Antonis is the Founder and Editor of Ecoclub.

Turtles in Trouble

Turtles in Trouble
Uncontrolled and ever-expanding packaged tourism and coastal development, along with overfishing in the Mediterranean is taking its toll on resources and what still survives of the marine wildlife.  [video:http://www.youtube.com/watch?v=jm_Uf0vNh84 640x360] Above is a pleasant to watch, yet informative video aimed at resort staff (but also suitable for schools) in coastal resorts popular with nesting sea turtles, so that the adverse impact of mass tourism can be somewhat reduced. It was produced by the Travel Foundation (UK) and distributed in Greece through the Mediterranean Association to Save the Sea Turtles (MEDASSET). The NGO carries yearly assessment of major nesting areas such as Zakynthos, Kefalonia and Kyparissia in Greece, Akamas in Cyprus and Akyata, Dalyan, Kazanli Patara and Samandag in Turkey, and submits these to the standing committee of the Bern Convention at the Council of Europe, so that respective governments are forced to respond and take action. In their annual assessment on...
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99%: now the world!

A very interesting video on the 99% movement presenting the underlying income inequality statistics can be found at http://www.guardian.co.uk/news/datablog/video/2011/nov/16/99-v-1-occupy-data-animation.       The Vision of Humanity website also has very interesting statistical data nicely presented, the following is on income inequality worldwide: http://www.visionofhumanity.org/gpi-data/#/2011/gini/ Income inequality is increasing worldwide with more people falling below the poverty line. The statistics may be fixed by lowering the line however in terms of solving real problems patience is running out. Time may actually have already run out for the current global economic system, although it may be proven as just one more periodic crisis of capitalism (it is quite protracted though).   Whatever the case, it is important is that it does not collapse on peoples heads, but they start exiting the crumbling structure now, and joining or forming alternatives - local exchange systems, collectives, urban farms, soup kitchens and so on, millions of tiny holes in the...
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Between Sisyphus and Epicurus

Between Sisyphus and Epicurus
Deceitful King Sisyphus was condemned by Zeus to eternally carry a boulder to a top of the hill with the boulder rolling down again. Sisyphus has been interpreted as representing vain politicians, aspiring for eternal glory and eternally failing. Epicurus on the other hand praised the virtues of a pleasant, just and detached - including from politics - life. On the second day of a general strike in Greece, it seems we have to choose whether to follow Sisyphus and the illusion of capitalist abundance, or Epicurus and his doctrine that "natural wealth is both limited and easily obtained, but vanity is insatiable". Compared to what lies ahead, life in Greece until 5 years ago seemed quite good for the vast majority of the population (with the exception of immigrants), reflected in us reaching the top 20 of the Human Development Index at the time. However not all was well however, as...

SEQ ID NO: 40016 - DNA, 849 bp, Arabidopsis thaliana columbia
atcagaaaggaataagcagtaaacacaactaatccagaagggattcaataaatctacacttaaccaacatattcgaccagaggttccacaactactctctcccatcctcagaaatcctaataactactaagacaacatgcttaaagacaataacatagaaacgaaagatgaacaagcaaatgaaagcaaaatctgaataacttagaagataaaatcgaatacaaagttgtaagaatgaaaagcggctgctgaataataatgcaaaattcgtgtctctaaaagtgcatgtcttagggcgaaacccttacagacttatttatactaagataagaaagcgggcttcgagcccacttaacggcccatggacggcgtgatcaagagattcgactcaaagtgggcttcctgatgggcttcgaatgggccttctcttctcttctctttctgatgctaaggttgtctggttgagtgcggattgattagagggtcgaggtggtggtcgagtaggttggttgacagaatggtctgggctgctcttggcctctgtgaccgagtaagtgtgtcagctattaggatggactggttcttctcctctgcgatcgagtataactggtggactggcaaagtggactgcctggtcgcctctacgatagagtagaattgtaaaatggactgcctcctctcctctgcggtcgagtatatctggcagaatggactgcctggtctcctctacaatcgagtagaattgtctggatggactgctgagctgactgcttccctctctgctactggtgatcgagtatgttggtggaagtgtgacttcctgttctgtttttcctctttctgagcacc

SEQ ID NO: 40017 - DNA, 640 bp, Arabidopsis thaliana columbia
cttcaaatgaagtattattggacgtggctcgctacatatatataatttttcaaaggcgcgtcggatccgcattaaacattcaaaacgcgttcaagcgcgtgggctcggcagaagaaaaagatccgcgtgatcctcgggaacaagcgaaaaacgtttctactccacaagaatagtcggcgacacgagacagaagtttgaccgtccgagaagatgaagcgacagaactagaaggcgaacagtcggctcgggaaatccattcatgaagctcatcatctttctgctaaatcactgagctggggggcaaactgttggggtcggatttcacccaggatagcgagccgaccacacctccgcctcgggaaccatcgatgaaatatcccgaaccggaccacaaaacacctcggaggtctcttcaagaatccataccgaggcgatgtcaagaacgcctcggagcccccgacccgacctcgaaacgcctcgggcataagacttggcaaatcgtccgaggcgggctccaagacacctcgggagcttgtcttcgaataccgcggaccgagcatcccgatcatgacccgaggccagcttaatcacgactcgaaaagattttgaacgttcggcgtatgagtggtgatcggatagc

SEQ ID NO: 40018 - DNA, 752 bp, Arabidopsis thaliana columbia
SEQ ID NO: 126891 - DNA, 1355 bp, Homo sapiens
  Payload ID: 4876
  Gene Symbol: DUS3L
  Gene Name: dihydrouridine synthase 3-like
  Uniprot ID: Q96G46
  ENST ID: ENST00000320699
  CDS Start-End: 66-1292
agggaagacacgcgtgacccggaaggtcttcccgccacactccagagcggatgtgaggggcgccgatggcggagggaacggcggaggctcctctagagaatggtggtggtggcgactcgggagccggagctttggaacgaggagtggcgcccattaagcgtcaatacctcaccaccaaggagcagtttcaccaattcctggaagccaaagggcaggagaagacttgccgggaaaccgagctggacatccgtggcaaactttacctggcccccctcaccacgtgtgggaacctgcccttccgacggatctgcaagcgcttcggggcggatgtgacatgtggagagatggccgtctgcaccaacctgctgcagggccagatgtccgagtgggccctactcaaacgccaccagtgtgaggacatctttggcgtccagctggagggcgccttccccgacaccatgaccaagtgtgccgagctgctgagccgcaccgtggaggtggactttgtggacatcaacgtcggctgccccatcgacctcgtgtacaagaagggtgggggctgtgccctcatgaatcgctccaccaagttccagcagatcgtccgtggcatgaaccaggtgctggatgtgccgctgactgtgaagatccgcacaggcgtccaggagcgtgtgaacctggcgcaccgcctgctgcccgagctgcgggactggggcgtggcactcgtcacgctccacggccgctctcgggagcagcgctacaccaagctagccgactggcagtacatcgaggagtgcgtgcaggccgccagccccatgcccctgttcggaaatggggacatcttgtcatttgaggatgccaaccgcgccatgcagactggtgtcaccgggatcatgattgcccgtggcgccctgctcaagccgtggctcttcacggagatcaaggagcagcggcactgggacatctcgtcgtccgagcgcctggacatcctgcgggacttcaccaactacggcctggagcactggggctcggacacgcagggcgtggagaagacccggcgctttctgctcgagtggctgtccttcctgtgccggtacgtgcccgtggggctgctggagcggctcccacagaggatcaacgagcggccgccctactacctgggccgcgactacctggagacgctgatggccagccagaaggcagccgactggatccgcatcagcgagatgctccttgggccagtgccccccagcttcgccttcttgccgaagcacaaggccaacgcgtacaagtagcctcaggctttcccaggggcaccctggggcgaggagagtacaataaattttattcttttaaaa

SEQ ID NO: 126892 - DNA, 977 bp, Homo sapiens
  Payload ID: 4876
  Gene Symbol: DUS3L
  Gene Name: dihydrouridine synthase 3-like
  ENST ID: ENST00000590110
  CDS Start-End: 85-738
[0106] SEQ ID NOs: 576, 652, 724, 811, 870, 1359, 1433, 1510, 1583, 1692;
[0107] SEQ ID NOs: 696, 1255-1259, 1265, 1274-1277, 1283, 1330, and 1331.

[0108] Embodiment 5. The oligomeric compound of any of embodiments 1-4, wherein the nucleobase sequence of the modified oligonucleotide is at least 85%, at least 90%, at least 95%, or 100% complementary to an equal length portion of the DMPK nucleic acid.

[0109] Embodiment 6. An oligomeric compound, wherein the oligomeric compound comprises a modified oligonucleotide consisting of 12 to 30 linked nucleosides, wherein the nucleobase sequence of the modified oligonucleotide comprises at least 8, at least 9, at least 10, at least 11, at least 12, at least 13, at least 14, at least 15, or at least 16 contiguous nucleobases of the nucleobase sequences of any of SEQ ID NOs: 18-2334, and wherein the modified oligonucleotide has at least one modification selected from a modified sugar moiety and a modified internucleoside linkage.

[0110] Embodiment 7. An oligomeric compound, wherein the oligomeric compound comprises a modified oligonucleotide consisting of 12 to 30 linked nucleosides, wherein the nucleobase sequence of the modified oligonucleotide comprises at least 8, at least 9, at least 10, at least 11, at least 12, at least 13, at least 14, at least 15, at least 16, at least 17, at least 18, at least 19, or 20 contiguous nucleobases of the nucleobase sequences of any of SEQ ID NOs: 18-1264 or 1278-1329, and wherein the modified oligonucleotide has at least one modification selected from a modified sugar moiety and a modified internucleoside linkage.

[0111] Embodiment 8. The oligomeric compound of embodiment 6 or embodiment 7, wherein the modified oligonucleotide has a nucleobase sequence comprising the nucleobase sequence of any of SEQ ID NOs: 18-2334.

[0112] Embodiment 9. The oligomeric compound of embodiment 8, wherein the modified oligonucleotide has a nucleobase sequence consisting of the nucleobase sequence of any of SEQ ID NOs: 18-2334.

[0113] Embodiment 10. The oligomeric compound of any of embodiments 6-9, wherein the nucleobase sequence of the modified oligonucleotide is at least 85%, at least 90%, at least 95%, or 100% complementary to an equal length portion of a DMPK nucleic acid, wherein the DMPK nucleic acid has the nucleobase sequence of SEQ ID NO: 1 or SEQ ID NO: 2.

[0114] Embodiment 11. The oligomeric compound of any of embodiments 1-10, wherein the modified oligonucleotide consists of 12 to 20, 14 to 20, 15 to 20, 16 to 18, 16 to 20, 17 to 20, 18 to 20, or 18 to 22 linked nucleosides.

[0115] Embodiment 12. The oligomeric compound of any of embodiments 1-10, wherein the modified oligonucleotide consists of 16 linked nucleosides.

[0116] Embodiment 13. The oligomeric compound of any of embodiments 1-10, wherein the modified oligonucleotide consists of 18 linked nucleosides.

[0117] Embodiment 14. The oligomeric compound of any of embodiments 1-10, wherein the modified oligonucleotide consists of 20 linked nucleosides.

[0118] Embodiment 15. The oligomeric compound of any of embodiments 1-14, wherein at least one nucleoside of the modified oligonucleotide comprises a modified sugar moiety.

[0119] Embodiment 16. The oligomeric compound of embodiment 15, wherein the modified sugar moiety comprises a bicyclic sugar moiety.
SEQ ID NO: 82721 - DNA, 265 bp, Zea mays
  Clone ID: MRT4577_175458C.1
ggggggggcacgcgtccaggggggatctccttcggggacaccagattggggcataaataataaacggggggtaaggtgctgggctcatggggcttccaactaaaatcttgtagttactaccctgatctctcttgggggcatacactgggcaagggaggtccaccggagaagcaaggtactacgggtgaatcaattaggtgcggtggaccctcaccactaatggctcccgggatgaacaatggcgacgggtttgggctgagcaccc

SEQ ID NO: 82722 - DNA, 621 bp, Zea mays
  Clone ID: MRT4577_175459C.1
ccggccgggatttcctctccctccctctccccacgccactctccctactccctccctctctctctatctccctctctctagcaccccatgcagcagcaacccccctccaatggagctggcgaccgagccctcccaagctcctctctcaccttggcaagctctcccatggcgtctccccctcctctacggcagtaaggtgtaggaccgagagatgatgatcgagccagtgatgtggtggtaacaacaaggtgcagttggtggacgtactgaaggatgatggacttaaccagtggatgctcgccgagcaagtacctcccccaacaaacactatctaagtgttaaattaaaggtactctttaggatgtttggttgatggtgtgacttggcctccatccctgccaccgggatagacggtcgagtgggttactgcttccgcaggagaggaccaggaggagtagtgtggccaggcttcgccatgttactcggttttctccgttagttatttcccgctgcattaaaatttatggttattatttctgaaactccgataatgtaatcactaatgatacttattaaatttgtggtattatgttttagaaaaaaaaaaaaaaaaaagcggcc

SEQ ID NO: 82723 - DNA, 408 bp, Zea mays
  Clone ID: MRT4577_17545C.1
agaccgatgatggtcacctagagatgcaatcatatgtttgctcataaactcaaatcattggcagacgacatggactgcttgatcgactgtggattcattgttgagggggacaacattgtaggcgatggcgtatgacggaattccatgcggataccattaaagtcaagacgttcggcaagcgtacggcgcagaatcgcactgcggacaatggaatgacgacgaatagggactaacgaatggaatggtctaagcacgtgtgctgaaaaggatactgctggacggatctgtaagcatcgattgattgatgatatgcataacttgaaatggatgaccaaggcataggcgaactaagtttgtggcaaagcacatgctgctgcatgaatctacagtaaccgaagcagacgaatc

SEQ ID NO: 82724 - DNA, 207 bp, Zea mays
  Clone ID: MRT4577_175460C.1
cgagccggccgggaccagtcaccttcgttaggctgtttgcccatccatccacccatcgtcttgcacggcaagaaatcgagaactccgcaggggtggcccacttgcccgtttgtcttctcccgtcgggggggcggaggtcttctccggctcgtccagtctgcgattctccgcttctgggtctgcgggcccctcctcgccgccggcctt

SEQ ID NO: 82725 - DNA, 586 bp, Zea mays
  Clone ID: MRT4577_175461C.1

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on the british riots

Remembering the way tabloids were treating Athens in the run up to the 2004 Olympics (which always are, like all mega-events, a mega-waste)  a certain schadenfreude could be expected from Athenians, but on the contrary they feel a sense of solidarity with Londoners and the UK tourism sector who seem to be experiencing the same effects of neoliberal globalisation - high youth unemployment, social injustice, racism, police brutality, increased crime, all leading, mathematically, to riots. I have found the reaction of the London Greens (here and here) interesting and measured, while a post in Red Pepper also seems to put the finger in the wounds. Let us hope that neoliberal government policies will be reversed soon, both in UK and in Greece.
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island holiday...

"Invisible wall" a short documentary about tourists, refugees and immigrants in Agathonissi, Greece, a tiny, formerly sleepy, island close to the Turkish coast.    
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Direct Democracy experiment, attacked, still going strong

Direct Democracy experiment, attacked, still going strong
Unfortunately the non-violent, colorful, pluralistic, direct democratic 'indignados' ("aganaktismenoi") assembly protesting neoliberal IMF recipes in Athens' main Syntagma Sq., already in its 3rd week, has been attacked by the infamous riot police 'MAT' units on 15 June, following a large demonstration on a day of general strike. In a city already plagued by air pollution, the police, besides batons, insist on using carcinogenic tear gas (banned under various treaties) despite repeated promises by the government that it will be phased out. Still it took only an hour for the people to return to the square. Let us hope that the direct democratic experiment, in the city that gave birth to the concept, with popular assemblies being held every night in Athens and other major greek cities, will continue. The tear gas seems to have mostly affected the government, which nearly resigned later on the day, a reshuffle is expected today 16.6 and elections cannot...